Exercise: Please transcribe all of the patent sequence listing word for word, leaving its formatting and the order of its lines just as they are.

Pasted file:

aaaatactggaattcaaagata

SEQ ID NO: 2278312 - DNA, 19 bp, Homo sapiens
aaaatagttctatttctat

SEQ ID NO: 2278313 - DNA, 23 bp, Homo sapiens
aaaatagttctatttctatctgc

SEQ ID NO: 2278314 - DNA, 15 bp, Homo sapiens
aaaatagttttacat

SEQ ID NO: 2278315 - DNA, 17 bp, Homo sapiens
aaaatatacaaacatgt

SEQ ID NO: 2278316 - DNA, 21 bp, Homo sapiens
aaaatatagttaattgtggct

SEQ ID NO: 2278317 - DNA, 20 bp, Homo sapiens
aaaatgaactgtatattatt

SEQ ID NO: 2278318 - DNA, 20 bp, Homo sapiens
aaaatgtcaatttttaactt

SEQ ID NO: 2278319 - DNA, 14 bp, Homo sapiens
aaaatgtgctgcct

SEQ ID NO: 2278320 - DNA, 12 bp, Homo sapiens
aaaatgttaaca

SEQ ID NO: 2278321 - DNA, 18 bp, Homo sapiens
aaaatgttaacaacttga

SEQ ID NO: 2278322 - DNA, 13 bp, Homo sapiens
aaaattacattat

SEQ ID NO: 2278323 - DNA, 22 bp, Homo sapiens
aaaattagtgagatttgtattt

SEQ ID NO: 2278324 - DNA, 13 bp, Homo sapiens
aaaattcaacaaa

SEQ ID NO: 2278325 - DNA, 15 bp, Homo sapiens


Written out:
aaaatactggaattcaaagata

SEQ ID NO: 2278312 - DNA, 19 bp, Homo sapiens
aaaatagttctatttctat

SEQ ID NO: 2278313 - DNA, 23 bp, Homo sapiens
aaaatagttctatttctatctgc

SEQ ID NO: 2278314 - DNA, 15 bp, Homo sapiens
aaaatagttttacat

SEQ ID NO: 2278315 - DNA, 17 bp, Homo sapiens
aaaatatacaaacatgt

SEQ ID NO: 2278316 - DNA, 21 bp, Homo sapiens
aaaatatagttaattgtggct

SEQ ID NO: 2278317 - DNA, 20 bp, Homo sapiens
aaaatgaactgtatattatt

SEQ ID NO: 2278318 - DNA, 20 bp, Homo sapiens
aaaatgtcaatttttaactt

SEQ ID NO: 2278319 - DNA, 14 bp, Homo sapiens
aaaatgtgctgcct

SEQ ID NO: 2278320 - DNA, 12 bp, Homo sapiens
aaaatgttaaca

SEQ ID NO: 2278321 - DNA, 18 bp, Homo sapiens
aaaatgttaacaacttga

SEQ ID NO: 2278322 - DNA, 13 bp, Homo sapiens
aaaattacattat

SEQ ID NO: 2278323 - DNA, 22 bp, Homo sapiens
aaaattagtgagatttgtattt

SEQ ID NO: 2278324 - DNA, 13 bp, Homo sapiens
aaaattcaacaaa

SEQ ID NO: 2278325 - DNA, 15 bp, Homo sapiens